Tuesday, April 19, 2011

Losing Weight: The Hardest Part

The hardest thing about working out after the age of 35 is getting out of bed the next morning.  The obstacle of agony begins.  A part of your body will stop working, or stab you with a shiv carved from bone and cartilage as you climb out of bed.  Anything that bends below the waste will scream, “Oil me Dorothy!”  And the first object of necessity will be so far out of your reach it will take Le Maho’s Scientific Tracking team to retrieve it.  You don’t know whether to pat yourself on the back for the previous day’s work, or flag down your first born and beg them to beat you unconscious.  This is where determination or death kicks in.  It’s now up to your character.
As I came to this crossroad this morning, I decided to rely on the strongest part of me; indifference.  My ankle refused to move without poking me, so I dragged it to the stairs and began my Stooshing.  Stooshing is defined as the careful dissention of a flight of stairs by a physically unqualified adult now reduced to baby talk.  It involves a step, a drag, and heavy rail leaning.  If the leaning is done correctly than you should be able to feel your pulse bulging on the right side of the body.  This is not to be confused with “Scootching”.  Scootching is a small shadow darting across the living-room and landing in the seat that an adult figure is attempting to procure.   This technique usually ends with spilled coffee and a sad back-swat, finding nothing but empty air and continued humiliation.  Swooshing is a private matter best done after everyone else has left the house.
The strange thing about pushing on despite the pain is that the pain gives up rather easily.  It’s like a Leif Garrett, Erik Estrada, New Coke, or any NFL Quarterback past the 1980’s.  The slightest rejection of its presence will almost certainly end in a win for you.  Unless it’s a heart attack, in which case you’ll need to refer back to my original article “Fat From Nowhere”.  This stresses the importance of a doctor’s visit before embarking upon any new exercise program.  So stop pointing fingers and call an ambulance.  If you aren’t in cardiac arrest however, give yourself an extra push by taking a small walk down the driveway.  My ankle was better within five minutes and I was ready for the new me.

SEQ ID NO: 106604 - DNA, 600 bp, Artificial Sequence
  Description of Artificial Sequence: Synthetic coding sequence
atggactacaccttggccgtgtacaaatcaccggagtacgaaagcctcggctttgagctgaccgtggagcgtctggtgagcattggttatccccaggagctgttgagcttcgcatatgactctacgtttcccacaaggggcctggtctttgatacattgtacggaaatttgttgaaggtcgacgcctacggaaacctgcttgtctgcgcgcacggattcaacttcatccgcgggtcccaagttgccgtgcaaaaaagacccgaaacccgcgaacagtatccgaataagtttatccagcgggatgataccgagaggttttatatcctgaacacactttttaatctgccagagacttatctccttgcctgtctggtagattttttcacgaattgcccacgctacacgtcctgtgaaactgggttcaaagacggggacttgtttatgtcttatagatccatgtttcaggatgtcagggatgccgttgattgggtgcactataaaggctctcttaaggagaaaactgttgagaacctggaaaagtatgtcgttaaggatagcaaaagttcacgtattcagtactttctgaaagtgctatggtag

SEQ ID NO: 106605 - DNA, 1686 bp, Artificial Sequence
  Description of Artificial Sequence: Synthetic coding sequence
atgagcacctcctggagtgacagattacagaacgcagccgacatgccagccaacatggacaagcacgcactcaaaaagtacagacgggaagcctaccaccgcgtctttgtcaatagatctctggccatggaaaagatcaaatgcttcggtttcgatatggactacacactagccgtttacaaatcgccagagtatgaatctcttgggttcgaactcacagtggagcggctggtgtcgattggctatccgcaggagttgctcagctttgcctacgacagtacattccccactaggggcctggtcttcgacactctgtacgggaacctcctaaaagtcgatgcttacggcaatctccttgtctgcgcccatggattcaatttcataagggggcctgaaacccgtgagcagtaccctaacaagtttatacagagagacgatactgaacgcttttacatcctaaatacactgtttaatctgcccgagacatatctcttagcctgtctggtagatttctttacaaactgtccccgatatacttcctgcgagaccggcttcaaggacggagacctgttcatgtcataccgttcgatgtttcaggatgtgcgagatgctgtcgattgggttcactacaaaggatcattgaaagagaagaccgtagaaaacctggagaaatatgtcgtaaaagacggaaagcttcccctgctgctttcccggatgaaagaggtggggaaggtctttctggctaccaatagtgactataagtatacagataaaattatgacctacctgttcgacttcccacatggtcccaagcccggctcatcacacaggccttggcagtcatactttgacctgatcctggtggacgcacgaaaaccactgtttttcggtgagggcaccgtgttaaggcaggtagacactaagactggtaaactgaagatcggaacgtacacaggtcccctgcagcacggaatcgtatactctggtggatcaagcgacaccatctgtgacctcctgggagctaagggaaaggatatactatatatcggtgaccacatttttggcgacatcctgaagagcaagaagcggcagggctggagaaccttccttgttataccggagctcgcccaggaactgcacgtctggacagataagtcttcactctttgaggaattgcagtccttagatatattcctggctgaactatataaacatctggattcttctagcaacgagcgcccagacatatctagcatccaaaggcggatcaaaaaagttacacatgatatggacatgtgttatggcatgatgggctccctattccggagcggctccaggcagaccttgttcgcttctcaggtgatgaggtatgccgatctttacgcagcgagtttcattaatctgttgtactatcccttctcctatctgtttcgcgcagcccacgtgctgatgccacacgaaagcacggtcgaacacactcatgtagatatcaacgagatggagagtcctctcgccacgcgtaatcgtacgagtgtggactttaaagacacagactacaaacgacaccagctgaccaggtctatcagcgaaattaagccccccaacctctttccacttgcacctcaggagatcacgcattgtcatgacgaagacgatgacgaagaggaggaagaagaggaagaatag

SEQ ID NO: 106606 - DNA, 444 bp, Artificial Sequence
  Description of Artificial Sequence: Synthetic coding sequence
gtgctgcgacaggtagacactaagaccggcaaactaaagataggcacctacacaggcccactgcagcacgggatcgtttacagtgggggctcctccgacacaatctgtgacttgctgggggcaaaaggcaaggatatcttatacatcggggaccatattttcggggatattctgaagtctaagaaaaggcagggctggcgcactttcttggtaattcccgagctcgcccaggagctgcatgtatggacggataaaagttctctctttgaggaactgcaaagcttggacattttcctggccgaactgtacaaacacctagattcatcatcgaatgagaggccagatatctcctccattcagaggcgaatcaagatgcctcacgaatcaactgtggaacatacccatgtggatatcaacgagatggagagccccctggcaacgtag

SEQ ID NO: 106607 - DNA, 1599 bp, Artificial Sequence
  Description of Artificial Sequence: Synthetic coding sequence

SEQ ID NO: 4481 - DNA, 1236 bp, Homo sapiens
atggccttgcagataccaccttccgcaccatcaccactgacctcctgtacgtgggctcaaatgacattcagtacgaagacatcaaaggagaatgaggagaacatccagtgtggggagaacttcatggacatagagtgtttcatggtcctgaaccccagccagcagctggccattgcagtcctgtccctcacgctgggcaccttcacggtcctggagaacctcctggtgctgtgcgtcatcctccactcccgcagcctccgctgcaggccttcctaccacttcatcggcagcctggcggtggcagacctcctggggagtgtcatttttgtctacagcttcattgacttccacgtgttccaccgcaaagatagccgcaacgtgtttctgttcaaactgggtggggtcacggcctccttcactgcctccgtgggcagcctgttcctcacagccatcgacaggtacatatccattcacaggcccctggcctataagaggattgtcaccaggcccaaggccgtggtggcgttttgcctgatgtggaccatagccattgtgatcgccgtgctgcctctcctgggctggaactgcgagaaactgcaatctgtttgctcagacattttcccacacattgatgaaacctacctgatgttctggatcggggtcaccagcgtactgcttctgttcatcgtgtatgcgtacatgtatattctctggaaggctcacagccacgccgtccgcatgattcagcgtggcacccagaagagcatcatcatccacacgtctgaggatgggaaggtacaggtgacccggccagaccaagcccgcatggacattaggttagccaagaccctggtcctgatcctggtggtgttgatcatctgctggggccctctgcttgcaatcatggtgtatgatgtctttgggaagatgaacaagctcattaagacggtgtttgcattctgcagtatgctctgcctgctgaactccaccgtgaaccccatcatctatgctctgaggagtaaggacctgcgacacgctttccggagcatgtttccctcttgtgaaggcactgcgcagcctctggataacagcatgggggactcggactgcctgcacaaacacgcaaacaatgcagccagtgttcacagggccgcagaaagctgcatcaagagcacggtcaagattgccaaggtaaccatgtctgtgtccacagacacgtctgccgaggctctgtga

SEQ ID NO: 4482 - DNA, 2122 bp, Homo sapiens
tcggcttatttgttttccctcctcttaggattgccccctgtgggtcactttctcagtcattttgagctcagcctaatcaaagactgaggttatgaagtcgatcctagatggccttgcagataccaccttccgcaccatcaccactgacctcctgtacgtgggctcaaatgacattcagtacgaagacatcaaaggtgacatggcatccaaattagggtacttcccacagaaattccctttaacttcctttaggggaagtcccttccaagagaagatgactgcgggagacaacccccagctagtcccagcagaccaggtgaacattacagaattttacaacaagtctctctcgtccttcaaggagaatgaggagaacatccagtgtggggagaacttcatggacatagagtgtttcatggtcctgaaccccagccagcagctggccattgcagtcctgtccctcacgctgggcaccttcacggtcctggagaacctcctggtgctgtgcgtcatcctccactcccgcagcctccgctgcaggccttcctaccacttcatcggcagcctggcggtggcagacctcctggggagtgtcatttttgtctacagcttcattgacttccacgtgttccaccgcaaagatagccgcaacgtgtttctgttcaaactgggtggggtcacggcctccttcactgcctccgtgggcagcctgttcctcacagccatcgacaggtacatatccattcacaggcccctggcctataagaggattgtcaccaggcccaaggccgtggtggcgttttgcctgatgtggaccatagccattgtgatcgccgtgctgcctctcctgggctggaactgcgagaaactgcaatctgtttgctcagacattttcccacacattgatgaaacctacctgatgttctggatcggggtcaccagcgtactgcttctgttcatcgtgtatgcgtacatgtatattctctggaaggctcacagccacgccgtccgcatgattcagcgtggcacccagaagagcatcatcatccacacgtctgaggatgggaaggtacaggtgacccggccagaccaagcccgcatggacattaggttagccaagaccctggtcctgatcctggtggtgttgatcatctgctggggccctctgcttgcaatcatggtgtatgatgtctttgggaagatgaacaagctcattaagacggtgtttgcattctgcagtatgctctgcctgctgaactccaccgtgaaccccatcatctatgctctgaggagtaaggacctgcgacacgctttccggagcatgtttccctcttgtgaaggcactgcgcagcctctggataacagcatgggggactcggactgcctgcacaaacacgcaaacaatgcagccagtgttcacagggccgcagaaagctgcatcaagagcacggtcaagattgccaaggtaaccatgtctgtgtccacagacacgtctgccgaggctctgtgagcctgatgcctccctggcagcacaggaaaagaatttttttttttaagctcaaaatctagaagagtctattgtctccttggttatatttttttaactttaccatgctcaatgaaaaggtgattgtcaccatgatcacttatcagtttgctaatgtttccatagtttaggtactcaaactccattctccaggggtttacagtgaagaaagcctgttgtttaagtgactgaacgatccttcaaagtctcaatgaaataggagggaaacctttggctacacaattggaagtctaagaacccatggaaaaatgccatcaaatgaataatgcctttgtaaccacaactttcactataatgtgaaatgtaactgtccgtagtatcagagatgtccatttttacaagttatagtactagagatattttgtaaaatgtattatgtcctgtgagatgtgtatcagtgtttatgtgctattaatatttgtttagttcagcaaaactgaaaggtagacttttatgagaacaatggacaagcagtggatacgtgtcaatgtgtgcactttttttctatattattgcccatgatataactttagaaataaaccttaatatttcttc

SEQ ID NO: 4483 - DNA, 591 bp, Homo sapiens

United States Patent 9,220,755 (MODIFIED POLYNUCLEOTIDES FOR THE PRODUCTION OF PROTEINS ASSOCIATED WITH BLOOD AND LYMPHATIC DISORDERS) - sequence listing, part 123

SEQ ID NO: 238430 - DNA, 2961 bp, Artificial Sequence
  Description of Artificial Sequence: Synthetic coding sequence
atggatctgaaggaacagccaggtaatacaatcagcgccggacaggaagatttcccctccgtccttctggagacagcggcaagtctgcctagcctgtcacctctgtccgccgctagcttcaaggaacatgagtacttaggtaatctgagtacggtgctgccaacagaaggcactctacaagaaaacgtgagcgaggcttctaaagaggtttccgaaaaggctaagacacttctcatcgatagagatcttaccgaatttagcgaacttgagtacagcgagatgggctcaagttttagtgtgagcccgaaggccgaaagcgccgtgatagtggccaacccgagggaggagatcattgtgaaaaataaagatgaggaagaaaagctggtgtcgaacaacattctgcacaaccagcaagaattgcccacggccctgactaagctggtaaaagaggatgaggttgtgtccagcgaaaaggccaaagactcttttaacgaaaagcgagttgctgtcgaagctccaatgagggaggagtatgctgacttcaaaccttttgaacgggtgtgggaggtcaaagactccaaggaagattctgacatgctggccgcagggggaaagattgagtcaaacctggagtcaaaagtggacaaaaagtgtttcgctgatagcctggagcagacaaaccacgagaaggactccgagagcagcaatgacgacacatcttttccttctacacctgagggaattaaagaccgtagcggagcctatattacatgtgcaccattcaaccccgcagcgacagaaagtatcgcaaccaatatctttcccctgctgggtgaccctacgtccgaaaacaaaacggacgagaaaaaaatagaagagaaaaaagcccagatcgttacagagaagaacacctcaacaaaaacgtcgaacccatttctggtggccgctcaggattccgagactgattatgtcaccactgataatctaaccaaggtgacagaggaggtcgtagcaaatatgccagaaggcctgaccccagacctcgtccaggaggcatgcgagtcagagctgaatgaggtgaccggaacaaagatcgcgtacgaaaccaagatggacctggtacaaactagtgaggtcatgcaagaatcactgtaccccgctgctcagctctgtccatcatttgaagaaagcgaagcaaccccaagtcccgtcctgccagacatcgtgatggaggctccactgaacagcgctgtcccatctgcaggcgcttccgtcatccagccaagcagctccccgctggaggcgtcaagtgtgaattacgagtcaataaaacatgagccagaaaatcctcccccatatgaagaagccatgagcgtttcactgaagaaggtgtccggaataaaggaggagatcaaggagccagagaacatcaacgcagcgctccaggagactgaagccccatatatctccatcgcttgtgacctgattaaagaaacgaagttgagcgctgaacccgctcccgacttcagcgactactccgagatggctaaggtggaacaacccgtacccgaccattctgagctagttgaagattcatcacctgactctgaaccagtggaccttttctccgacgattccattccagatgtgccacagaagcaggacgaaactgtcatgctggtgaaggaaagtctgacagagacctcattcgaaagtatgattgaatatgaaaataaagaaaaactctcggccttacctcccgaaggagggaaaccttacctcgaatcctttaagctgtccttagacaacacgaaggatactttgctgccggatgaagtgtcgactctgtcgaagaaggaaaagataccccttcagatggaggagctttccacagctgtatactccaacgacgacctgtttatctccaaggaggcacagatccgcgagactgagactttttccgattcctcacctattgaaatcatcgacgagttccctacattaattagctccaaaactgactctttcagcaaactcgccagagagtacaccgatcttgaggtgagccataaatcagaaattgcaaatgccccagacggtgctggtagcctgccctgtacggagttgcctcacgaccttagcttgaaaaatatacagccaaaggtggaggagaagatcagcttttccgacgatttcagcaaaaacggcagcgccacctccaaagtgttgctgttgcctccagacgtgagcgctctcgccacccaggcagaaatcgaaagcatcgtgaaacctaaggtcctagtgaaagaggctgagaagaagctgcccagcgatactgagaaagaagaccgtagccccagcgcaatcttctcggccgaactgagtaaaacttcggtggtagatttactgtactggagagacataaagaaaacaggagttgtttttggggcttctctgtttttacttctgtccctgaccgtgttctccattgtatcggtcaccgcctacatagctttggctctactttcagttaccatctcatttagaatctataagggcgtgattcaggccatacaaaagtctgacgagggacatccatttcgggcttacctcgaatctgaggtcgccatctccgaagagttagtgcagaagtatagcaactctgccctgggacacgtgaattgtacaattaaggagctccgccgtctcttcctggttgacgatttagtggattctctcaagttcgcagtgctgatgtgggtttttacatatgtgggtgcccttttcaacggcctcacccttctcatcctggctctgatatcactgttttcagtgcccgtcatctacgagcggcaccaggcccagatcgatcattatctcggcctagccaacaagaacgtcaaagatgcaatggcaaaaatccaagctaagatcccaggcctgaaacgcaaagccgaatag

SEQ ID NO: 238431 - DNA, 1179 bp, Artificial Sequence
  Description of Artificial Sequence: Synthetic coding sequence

If it hurts then stretch it before you hit the trail.  I stretch down to the floor, side to side, and finally on all fours, (Don’t be disgusting people and you know who you are).  The best way to stretch your back is on all fours extending your back and then moving it forward.    For me there is no substitute for this type of prevention.  My sciatic nerve gives me a nasty look if I try walking six miles without stretching it.  It is the most important part of the team and the best excuse to quit when things get too hard.
I do not recommend walking six miles a day by the way.  We all have work to do and walking is as time consuming as picking lint balls off a sock.  I started walking three miles in the morning after my first week because no one at my house had a clean shirt and everyone was tired of eating cereal.  After years of taking advice and having long periods of success with my exercise program I’ve learned one important thing, be reasonable.  Good health should enhance your life without torturing those around you.  Pick an aerobic exercise you like and do it for an hour.  It’s your hour.  Enjoy that hour, be somewhat stingy with that hour, but don’t forget to pick up the kids.
The bottom line is; sore is going to happen.  If you’re working hard and you wake up on a bed of anvils, be happy for yesterday was a success.   

       To go beyond is as wrong as to fall short.  ~Confucius, Analects  

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